Boy, 14, held in rape of woman Victim's neck broken in morning attack in West Baltimore

April 20, 1996|By Joe Mathews | Joe Mathews,SUN STAFF

At age 14, Phillip Eugene Moore was young enough to dream of big things, like the combination microwave-radio-TV-VCR he designed on loose-leaf pages of his blue school binder. In blue ink, he wrote that the contraption would retail for $259.

But city police contend the Calverton Junior High School seventh-grader also was old enough to assault and rape a West Baltimore woman twice his age early Thursday. He did not know the woman, police say.

Phillip, who has been charged as an adult, is accused of first-degree rape and assault with intent to murder. He has yet to be interviewed by police and was being held without bail at Baltimore City Detention Center last night.

The victim was in serious condition at Maryland Shock Trauma Center last night with a broken neck, according to a source. Doctors report no signs of paralysis, the source said.

At 4: 50 a.m. Thursday, two troubled lives intersected in the alley behind Gwynn-Parkway Apartments at 2231 Garrison Boulevard, police say. The 29-year-old woman was grabbed from behind, dragged 40 feet down the alley and thrown down a flight of stairs leading to the apartments' basement, police said.

When she curled into a ball to protect herself, she was thrown against the wall and raped, the victim told police. A resident heard screaming and called police, who found Phillip six blocks away and returned him to the scene, where the woman identified him as her attacker, charging documents say.

Apartment residents said the stairway behind their building is a gathering place for prostitutes. The victim was charged with prostitution in late 1994, and her criminal record includes three convictions in the past eight months on drug charges. The Sun does not identify victims of sexual crimes.

Police would not say whether Phillip has a juvenile criminal record. In an interview yesterday at her flower-filled Riggs Avenue rowhouse, his mother, Betty Moore Wells, said the youngest of her six sons had been skipping school and spending time on the streets.

"We don't know what has gotten into Phillip," said Ms. Wells, 49, a nursing assistant. "The teachers all tell him he's a bright kid, but he's getting into lots of fights in school."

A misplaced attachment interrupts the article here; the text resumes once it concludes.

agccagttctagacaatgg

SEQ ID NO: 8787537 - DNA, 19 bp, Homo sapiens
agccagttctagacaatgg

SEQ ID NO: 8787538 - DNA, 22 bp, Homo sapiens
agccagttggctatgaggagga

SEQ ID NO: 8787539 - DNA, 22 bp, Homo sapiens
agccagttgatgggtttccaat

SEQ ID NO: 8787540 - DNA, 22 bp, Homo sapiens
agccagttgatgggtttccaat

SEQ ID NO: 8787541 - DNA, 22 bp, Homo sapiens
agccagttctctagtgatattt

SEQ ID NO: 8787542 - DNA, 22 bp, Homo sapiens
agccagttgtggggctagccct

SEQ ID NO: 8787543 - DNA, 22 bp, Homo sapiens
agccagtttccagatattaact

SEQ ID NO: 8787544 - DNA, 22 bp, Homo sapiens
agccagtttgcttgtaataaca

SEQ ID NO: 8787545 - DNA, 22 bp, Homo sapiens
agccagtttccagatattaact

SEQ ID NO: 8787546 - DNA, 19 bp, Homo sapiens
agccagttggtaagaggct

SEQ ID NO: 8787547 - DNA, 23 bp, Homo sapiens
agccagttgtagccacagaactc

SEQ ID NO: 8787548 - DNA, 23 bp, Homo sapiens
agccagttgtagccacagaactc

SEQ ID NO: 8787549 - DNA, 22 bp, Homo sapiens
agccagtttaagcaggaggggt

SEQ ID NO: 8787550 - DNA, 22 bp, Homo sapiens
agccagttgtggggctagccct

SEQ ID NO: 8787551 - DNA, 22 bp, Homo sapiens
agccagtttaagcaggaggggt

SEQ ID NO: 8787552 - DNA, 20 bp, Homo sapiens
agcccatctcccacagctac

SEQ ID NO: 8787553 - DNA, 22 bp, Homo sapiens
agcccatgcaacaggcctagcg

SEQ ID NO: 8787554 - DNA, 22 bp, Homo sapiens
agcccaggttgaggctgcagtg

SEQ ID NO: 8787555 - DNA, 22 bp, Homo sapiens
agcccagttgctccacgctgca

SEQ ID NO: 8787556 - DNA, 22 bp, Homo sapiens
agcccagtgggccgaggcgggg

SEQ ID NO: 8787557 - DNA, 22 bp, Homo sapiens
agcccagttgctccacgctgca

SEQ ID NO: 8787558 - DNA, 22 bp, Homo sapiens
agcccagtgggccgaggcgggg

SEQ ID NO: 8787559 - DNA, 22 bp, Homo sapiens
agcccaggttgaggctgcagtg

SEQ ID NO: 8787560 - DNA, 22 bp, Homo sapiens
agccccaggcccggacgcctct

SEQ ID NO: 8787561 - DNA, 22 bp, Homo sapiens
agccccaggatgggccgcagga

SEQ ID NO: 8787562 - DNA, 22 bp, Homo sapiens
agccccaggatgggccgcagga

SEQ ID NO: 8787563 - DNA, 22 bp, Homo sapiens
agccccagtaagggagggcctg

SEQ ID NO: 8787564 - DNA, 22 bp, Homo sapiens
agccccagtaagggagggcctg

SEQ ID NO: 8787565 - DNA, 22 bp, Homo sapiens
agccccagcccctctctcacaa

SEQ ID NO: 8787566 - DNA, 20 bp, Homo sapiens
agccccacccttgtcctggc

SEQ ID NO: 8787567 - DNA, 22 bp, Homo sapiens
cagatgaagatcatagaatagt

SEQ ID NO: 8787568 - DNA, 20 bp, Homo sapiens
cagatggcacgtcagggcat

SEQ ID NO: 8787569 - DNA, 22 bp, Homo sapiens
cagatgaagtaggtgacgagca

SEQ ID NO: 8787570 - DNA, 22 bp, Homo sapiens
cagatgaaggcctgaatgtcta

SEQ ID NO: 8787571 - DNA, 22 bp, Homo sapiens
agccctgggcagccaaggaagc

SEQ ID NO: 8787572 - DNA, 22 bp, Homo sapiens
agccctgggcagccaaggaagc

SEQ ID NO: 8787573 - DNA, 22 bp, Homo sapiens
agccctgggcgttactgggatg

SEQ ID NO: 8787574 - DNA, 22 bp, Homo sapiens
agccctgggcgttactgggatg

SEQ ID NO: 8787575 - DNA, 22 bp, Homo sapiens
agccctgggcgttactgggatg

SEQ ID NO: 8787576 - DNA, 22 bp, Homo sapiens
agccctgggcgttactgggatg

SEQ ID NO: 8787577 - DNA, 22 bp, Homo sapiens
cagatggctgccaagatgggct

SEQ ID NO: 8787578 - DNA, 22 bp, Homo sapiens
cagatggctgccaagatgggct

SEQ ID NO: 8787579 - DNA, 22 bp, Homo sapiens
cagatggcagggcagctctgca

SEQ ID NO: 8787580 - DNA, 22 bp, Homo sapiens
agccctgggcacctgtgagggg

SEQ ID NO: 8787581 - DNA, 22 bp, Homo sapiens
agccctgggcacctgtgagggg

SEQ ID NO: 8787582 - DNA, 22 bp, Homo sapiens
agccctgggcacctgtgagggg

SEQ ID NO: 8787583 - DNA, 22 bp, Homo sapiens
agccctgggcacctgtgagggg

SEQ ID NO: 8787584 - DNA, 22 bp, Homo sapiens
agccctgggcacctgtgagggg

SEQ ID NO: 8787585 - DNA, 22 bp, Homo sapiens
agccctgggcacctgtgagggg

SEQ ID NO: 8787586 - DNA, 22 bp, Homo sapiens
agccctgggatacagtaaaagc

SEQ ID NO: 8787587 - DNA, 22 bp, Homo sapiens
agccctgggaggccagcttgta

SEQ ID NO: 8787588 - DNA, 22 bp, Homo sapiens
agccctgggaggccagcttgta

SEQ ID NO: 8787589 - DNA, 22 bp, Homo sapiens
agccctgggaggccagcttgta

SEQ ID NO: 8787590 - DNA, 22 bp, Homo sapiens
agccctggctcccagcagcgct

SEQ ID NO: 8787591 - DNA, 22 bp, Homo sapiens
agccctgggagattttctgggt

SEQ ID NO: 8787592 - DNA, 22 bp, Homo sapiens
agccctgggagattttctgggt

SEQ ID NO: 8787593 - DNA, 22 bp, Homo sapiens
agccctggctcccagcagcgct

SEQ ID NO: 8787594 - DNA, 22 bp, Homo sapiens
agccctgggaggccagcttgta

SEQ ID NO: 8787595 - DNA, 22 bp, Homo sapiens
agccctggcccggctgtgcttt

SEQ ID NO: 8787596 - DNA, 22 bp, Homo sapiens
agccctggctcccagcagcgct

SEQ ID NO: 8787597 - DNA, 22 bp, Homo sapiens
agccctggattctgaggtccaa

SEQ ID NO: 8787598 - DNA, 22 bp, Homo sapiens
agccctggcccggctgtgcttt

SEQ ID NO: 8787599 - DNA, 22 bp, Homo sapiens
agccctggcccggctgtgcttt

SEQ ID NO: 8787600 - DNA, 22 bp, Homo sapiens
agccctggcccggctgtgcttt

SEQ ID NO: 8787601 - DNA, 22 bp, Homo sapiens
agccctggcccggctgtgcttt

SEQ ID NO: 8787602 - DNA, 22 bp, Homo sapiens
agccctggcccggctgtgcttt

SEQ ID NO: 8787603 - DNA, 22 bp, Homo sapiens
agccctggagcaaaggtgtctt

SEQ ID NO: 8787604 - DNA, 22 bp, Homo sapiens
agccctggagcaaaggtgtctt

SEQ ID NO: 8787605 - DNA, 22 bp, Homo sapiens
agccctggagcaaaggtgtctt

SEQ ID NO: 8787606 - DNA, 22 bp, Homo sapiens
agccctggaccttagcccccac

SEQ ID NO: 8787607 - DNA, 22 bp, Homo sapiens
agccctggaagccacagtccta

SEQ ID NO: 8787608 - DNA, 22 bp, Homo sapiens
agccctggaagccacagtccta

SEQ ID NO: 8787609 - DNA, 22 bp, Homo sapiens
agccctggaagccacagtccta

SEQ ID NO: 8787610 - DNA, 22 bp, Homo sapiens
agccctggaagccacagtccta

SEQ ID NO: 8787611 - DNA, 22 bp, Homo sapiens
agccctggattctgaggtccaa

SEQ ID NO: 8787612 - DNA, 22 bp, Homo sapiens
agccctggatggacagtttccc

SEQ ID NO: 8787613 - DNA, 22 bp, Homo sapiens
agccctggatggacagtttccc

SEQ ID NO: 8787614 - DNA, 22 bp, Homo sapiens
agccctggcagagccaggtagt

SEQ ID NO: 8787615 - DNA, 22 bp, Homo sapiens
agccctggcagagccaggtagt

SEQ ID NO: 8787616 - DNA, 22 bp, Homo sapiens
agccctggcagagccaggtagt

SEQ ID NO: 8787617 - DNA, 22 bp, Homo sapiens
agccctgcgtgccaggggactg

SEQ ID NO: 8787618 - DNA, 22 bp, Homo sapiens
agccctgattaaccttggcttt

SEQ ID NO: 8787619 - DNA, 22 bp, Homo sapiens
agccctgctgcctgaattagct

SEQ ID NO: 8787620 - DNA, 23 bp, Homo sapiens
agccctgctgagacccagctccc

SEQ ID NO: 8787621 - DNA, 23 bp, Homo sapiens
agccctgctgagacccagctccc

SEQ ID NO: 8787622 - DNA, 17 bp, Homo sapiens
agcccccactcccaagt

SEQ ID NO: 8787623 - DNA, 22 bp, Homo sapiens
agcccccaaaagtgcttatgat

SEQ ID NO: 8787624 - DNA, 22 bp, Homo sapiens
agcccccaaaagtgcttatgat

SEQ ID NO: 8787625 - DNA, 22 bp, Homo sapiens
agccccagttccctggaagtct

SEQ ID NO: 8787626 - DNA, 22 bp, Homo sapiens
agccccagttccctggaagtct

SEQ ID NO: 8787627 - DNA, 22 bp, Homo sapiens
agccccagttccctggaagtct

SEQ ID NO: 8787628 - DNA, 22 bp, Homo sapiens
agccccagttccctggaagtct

Asked whether her child was capable of committing the crime he has been charged with, she paused for 30 seconds. "I don't think so," she said. "It doesn't sound like him to me."

Ms. Wells' youngest son was born Aug. 3, 1981, when she was living in East Baltimore. Phillip rarely sees his father, who lives in the city, his mother said.

Once talkative and bubbly, Phillip, despite being 5 feet 6 and 140 pounds, wanted to play professional football. He did well in school until the 1992 shooting death of his older brother Chris Johnson, then 21, in the city's Irvington neighborhood.

Phillip learned about the death in the hallways of Beechfield Elementary School. He returned from school in tears, took a seat on the front porch and refused to talk.

Ms. Wells says Phillip has rarely talked to her since. His grades quickly dropped and late last year he started staying out all night.

"I would ask him, 'Where was he?' And he would say he called, which we both knew was a lie," she said.

Unable to keep his upstairs bedroom clean, Phillip was moved to the basement last year. It is a dark room, with a cold stone floor and brick walls painted white. He hung nothing on the walls. The decor consists of a TV, an ash tray for his cigarettes, a full-size bed and various multicolored shirts, which hang from the ceiling.

His school papers suggest he knew his lifestyle was dangerous. In a note of apology to a friend, he wrote, "I just don't wanna make any mistakes especially since I wanna be around enough for [his girlfriend], but I guess if I keep going this route it won't happen."

Phillip startled his mother a few weeks ago by presenting her with a collage that she says is the clearest indication of his frame of mind. Using black ink, he filled the page with symbols of knives and snakes, as well as the insignia of the clothing designer Tommy Hilfiger and two rap musicians, Wu-Tang Clan and the Method Man.

Along the lower edge of the paper, he drew a large "C" with the letters RIP inside it, a tribute to his fallen brother; a "P" for himself, "Lil Phil"; and an "M" for "Number One Mom."

The last time Ms. Wells saw Phillip was at 11 p.m. Wednesday, six hours before the rape, when he was talking on the phone at the dining room table. When she went to wake him up for school at 6: 30 a.m., his bed was empty.

She has no plans to visit him in jail. "I just don't feel like talking to Phillip right now," his mother said.

Pub Date: 4/20/96

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